JOSEPH PRIESTLEY: ENLIGHTENMENT SCIENCE AND DISSENT

  • 24 Aug 2011
  • 6:00 PM - 7:30 PM
  • University of Sydney
JOSEPH PRIESTLEY: ENLIGHTENMENT SCIENCE AND DISSENT
(Sydney Ideas 2011 Key Thinkers Program)

Dr Victor Boantza, Unit for the History and Philosophy of Science, Faculty of Science


Joseph Priestley (1733–1804) was one of the most controversial figures of the eighteenth century. A true Enlightenment polymath, he wrote more than two hundred books, pamphlets, sermons, and essays on subjects ranging from science to politics and from metaphysics to theology. He was a religious dissenter, political radical, vocal supporter of the French Revolution, and lifelong defender of the losing side in the Chemical Revolution. Shortly after his house and laboratory were burned down in the Birmingham Riots (1791) he was forced to flee England. Although religion and his ministry were at the centre of his life’s work, Priestley is best known for his contributions to chemistry, physics, and botany through his studies of electricity, optics, photosynthesis, and gases (he “discovered” oxygen, among other things). This lecture will discuss aspects of his science, especially his work in pneumatic and experimental chemistry, to probe the relations between natural philosophy, religion, and non-conformism in the Enlightenment.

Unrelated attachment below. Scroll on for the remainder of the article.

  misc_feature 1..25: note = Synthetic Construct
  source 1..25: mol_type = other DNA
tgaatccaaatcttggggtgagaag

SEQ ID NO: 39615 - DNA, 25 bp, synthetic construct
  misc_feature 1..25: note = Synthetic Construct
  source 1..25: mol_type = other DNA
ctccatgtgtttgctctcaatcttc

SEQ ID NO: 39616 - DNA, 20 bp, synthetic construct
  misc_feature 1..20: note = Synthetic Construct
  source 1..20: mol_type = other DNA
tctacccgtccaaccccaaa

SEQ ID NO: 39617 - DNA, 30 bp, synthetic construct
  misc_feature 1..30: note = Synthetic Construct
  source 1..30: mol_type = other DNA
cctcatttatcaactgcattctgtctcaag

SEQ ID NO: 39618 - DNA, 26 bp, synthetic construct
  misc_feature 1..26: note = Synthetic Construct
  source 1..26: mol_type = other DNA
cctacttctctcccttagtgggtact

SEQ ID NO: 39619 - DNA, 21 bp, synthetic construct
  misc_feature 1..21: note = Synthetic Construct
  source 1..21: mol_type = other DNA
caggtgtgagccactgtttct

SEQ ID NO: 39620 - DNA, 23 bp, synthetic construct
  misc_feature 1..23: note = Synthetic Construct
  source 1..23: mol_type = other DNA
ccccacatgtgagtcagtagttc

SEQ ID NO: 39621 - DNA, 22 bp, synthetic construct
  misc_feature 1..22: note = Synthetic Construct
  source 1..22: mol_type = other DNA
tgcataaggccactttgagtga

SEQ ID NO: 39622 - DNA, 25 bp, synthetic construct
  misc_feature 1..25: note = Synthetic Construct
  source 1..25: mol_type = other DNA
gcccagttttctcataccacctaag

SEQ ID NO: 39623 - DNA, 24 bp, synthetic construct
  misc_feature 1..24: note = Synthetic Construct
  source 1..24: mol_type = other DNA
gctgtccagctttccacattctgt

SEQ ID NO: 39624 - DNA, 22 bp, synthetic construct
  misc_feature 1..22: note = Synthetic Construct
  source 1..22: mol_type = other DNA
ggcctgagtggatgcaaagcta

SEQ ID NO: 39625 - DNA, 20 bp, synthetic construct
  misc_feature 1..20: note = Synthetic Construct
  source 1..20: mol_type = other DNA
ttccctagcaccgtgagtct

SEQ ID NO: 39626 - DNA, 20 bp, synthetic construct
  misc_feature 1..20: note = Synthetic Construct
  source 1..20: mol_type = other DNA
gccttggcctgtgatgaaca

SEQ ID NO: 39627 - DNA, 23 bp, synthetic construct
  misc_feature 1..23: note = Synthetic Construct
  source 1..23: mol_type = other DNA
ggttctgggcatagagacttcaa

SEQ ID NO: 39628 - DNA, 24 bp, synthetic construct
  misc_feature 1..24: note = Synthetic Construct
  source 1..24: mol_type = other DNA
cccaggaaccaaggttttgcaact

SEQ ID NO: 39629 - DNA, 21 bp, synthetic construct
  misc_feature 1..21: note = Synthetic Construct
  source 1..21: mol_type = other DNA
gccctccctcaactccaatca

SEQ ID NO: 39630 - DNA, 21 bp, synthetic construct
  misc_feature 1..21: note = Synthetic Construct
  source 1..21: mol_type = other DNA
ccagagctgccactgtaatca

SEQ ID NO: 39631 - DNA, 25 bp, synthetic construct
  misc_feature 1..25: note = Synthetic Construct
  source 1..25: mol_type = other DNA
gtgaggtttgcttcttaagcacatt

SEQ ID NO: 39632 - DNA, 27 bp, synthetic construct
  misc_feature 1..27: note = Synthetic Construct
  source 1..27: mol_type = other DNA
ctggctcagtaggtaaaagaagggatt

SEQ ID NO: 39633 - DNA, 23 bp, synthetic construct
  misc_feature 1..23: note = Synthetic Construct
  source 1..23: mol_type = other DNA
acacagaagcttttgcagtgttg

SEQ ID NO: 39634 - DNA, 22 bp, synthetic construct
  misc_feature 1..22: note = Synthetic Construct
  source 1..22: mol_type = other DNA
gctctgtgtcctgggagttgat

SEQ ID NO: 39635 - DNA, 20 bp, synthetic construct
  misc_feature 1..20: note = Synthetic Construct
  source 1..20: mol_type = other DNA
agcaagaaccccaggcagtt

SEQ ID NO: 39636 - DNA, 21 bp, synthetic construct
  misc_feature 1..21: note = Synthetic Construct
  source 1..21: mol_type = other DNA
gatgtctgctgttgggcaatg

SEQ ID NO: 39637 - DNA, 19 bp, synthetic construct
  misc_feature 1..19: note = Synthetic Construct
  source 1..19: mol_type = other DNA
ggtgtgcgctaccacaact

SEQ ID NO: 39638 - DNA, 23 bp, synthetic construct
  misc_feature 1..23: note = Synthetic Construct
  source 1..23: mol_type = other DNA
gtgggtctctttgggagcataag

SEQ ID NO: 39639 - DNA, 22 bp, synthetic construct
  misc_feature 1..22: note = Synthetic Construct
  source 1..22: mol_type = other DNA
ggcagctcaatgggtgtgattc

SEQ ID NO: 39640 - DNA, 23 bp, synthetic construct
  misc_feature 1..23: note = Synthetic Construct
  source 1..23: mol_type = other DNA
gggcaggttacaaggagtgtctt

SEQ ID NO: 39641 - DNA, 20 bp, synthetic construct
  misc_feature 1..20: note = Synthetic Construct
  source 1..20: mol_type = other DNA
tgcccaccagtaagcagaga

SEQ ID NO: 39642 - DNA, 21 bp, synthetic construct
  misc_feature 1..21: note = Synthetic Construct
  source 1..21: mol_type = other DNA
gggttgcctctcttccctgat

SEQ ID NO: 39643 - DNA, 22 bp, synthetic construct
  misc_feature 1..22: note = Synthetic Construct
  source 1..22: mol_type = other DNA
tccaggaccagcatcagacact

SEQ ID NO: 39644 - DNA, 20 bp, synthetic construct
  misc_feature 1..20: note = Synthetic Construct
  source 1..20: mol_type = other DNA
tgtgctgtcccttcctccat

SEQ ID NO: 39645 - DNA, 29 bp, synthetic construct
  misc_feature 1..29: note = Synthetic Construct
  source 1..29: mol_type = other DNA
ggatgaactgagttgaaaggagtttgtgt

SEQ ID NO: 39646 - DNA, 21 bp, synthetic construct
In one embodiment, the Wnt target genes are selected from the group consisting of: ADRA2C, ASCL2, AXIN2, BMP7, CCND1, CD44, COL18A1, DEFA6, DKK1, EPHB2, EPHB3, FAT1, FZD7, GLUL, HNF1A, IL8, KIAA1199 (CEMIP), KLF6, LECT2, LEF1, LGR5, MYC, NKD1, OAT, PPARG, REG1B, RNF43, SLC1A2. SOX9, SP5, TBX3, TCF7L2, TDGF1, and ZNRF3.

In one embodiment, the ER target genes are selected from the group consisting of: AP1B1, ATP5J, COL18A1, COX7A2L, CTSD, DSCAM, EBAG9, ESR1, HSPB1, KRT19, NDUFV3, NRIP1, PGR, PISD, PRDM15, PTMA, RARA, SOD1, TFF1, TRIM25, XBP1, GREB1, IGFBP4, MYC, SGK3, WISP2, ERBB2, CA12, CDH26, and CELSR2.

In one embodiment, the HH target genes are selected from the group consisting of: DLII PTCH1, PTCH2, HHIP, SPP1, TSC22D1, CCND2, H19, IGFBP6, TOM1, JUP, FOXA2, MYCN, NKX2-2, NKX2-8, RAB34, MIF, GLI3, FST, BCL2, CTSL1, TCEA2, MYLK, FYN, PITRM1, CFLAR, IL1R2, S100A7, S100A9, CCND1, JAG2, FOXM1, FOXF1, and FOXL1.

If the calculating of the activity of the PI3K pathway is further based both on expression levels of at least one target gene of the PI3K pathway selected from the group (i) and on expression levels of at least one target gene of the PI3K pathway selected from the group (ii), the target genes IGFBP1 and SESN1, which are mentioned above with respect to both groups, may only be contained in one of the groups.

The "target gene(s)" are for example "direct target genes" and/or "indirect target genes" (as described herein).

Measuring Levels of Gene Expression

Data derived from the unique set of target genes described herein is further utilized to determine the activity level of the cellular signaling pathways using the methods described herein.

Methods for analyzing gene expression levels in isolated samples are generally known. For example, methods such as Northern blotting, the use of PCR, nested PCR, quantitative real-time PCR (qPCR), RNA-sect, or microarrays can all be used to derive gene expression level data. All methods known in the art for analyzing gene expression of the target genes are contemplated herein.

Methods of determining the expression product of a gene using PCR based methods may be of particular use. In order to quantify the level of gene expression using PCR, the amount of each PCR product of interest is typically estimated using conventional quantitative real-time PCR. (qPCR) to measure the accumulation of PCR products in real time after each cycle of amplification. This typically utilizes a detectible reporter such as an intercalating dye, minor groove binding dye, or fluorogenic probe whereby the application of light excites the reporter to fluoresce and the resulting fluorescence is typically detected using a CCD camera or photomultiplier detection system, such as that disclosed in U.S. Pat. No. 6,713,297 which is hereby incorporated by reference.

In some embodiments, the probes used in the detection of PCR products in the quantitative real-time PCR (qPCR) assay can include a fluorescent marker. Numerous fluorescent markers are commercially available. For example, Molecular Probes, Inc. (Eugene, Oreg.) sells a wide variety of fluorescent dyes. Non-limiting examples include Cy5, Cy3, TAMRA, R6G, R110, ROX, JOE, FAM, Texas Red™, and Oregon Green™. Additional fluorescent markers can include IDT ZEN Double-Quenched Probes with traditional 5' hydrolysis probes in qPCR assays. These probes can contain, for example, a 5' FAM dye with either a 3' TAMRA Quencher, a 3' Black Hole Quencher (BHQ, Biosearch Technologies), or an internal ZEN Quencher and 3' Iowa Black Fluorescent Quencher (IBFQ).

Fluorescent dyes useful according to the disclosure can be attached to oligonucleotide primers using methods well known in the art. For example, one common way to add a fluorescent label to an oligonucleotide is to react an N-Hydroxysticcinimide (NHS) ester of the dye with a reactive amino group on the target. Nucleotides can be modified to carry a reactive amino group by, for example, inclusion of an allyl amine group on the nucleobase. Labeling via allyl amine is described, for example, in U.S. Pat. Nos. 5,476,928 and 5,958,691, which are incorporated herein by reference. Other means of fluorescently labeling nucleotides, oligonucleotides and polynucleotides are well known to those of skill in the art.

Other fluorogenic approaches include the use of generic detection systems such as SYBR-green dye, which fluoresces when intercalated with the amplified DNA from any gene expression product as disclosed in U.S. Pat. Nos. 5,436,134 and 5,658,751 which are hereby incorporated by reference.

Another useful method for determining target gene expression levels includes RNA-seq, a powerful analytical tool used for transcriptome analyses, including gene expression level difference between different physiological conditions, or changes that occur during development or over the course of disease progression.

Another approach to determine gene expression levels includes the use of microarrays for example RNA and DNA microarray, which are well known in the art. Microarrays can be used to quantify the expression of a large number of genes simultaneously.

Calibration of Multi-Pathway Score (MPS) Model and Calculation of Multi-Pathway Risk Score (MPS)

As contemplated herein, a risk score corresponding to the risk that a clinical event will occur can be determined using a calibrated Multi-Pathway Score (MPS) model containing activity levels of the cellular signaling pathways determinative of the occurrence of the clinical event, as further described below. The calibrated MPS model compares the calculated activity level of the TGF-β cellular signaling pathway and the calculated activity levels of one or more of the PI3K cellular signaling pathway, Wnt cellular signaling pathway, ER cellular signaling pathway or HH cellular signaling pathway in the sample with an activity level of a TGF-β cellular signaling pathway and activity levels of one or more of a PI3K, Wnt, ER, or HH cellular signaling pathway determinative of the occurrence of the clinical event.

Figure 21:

Contributed Paper Sessions

Contributed papers should normally be scheduled as 55 minute sessions, with approximately 30 minutes for presentation and 25 minutes for questions and discussion.

©Australasian Association of Philosophy
ACN 152 892 272
ABN 29
152 892 272
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